Smores Camping recipes:
Smores are such a campfire tradition that it is almost mandatory that you make smores when you camp with kids. Shake things up with creative smores recipes for kids. Everyone has memorized the traditional smores recipe by age 8. You poke a stick through a marshmallow, hold over fire and hope it doesn't burst into flames. There are some more ways to eat smores:
- Nilla Wafer, White Chocolate and Banana Smores
Put a half-banana on a stick and hold over campfire. Take two vanilla, or 'Nilla, wafers, insert chocolate and banana. Tasty, and even kind of pretty.
- Fudge Stripes and Mini Marshmallow Smores
Why carry something extra camping if you don't have to? Bring some Keebler Fudge Stripe Cookies, which conveniently come with both a shortbread cookie and chocolate coating on one side and some mini marshmallows. Place the chocolate side up, and ring the mini marshmallows around the circle of the cookie. Place a second cookie chocolate side down (touching the marshmallows), and smoosh closed. Cook over your campfire until all melty and messy.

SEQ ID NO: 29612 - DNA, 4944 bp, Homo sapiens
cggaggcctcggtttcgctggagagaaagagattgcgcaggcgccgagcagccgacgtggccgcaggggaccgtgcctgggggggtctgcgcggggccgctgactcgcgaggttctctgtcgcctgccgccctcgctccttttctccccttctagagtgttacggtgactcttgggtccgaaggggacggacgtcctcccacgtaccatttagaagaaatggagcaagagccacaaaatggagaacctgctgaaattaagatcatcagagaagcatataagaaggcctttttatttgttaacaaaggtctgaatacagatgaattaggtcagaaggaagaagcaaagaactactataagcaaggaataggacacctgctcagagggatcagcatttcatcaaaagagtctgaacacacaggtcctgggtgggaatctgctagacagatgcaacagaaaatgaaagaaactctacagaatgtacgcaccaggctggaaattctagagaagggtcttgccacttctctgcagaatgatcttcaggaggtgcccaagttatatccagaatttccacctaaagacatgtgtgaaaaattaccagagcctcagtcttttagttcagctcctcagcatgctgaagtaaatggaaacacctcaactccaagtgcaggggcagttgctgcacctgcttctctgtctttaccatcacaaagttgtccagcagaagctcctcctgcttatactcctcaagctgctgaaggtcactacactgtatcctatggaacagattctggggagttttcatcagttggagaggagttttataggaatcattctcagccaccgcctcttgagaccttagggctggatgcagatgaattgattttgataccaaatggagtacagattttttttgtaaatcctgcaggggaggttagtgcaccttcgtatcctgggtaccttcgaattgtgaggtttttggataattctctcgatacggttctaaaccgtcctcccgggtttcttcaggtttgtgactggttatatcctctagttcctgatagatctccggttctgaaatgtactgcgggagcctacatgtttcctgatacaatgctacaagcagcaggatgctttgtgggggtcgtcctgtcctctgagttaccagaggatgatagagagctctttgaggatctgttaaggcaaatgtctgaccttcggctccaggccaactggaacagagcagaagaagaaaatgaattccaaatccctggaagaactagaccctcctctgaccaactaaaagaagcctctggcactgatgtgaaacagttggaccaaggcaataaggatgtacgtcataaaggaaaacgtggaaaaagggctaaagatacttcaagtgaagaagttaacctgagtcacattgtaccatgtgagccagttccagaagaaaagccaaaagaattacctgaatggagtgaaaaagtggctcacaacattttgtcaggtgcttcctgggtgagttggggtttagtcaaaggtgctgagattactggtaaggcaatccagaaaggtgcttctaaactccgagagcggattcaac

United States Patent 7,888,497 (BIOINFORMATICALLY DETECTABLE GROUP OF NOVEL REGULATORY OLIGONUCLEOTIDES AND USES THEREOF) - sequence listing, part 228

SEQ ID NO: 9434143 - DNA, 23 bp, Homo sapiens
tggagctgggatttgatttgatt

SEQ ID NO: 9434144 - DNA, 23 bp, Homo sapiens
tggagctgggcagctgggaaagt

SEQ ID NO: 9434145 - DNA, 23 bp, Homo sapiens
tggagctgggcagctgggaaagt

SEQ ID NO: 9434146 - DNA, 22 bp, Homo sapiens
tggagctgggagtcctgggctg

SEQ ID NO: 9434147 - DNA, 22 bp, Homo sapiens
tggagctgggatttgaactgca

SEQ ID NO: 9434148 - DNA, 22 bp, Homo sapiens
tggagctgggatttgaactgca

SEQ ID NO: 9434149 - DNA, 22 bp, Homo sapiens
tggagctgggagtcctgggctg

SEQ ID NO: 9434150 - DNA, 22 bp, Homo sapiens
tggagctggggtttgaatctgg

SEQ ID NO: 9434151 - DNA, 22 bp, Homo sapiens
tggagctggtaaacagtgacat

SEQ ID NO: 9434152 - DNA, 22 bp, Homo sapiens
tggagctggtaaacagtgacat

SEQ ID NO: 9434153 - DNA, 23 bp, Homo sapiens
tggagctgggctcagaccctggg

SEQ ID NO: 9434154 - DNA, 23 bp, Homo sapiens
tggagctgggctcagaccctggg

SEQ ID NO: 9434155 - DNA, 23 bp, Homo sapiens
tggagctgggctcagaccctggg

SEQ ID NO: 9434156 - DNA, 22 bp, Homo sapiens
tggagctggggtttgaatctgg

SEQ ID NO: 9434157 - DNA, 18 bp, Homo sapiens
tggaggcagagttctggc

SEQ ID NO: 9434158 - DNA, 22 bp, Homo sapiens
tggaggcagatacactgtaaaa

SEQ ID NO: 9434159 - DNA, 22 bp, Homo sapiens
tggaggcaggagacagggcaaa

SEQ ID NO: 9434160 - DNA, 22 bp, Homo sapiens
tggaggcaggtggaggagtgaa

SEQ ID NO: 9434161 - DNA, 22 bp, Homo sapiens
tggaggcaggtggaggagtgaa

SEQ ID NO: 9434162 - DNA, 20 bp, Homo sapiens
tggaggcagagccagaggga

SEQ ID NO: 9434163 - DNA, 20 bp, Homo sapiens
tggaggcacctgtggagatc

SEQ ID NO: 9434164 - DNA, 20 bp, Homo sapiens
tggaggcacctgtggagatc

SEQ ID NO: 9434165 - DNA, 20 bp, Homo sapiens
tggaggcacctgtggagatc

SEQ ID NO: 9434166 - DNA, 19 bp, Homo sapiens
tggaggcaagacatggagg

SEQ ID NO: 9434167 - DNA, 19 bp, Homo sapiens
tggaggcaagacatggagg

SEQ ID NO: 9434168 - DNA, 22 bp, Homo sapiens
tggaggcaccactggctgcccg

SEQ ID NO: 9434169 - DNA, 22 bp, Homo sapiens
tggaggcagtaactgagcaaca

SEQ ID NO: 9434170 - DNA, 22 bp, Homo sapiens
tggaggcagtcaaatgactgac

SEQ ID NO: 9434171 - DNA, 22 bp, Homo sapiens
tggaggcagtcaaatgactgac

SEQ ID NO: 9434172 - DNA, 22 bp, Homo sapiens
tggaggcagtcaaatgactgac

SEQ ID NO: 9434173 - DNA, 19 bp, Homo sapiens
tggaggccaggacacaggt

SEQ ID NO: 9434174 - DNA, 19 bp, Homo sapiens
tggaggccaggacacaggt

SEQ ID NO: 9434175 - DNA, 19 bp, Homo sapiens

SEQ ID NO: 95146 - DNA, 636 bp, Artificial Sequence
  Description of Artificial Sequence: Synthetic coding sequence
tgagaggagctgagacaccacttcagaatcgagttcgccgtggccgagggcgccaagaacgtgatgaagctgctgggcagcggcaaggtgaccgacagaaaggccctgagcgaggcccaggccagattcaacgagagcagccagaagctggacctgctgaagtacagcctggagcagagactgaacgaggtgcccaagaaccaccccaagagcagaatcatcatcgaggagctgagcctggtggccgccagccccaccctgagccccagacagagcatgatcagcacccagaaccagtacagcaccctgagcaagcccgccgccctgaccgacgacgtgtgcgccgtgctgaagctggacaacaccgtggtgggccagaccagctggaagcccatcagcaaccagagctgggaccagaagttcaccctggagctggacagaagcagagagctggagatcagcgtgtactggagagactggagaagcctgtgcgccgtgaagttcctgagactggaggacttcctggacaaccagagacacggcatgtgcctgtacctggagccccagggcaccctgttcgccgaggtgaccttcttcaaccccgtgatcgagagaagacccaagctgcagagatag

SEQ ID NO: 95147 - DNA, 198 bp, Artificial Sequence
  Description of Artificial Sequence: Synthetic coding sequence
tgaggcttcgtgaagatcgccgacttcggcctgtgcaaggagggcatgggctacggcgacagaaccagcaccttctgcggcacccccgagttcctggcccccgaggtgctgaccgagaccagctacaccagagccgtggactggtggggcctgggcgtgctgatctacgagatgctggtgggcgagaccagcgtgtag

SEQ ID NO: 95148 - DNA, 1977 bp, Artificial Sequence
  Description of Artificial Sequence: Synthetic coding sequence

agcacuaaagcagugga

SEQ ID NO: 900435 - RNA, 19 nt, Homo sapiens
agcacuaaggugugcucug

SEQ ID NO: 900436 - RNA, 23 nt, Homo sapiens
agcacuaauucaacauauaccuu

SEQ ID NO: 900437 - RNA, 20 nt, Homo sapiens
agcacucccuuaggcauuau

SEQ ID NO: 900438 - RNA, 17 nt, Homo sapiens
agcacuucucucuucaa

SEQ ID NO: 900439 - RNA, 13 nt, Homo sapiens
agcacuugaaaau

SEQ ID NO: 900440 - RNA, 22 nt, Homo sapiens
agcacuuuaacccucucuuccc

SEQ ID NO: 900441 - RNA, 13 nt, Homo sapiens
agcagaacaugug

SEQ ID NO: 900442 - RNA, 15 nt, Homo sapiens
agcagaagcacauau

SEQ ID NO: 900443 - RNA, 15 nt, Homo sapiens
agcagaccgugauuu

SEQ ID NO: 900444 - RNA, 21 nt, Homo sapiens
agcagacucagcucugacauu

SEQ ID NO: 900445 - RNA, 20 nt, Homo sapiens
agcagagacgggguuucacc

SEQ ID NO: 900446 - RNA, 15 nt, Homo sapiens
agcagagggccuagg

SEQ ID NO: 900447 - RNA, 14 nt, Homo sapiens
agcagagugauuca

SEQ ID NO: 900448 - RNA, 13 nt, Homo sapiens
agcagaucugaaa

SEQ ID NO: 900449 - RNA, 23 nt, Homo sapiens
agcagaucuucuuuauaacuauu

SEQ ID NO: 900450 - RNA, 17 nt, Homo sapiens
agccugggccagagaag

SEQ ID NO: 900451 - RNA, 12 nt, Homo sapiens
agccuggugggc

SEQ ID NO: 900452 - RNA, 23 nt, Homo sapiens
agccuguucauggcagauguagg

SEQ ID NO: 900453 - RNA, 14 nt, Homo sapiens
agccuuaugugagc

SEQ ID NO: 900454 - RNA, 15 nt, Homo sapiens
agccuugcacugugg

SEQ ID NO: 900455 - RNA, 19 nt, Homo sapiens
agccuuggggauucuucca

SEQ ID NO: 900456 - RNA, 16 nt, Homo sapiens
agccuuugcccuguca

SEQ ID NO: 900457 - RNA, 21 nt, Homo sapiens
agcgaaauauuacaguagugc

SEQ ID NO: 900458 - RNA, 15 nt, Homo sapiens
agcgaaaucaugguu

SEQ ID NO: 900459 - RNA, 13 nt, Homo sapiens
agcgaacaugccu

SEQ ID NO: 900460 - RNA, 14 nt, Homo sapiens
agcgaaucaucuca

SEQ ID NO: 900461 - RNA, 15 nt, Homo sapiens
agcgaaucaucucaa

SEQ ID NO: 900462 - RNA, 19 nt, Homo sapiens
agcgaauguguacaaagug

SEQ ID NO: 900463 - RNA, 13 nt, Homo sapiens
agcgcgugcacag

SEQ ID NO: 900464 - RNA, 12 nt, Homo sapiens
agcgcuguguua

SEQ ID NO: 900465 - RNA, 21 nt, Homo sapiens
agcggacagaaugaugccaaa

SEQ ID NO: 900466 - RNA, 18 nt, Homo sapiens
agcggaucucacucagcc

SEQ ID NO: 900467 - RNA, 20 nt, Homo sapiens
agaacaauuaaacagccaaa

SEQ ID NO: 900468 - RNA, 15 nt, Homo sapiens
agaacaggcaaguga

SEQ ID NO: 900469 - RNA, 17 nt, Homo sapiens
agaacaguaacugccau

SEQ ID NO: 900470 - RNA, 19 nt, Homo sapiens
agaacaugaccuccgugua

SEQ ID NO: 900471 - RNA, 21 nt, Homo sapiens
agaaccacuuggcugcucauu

- After your trip, help to put camping supplies away.[edit | edit source]
When you arrive home, help to clean and store camping supplies. Put your dirty clothes where they belong.
- Memorize Psalm 34:7[edit | edit source]
|Psalm 34:7 (NIV)|
The angel of the LORD encamps around those who fear him, and he delivers them
- External Resources[edit | edit source]
How to Pitch a Tent ehow.com
How to Start a Camptfire About.com
Free camping lapbook Homeschool Share
Camping pencil/pdf About.com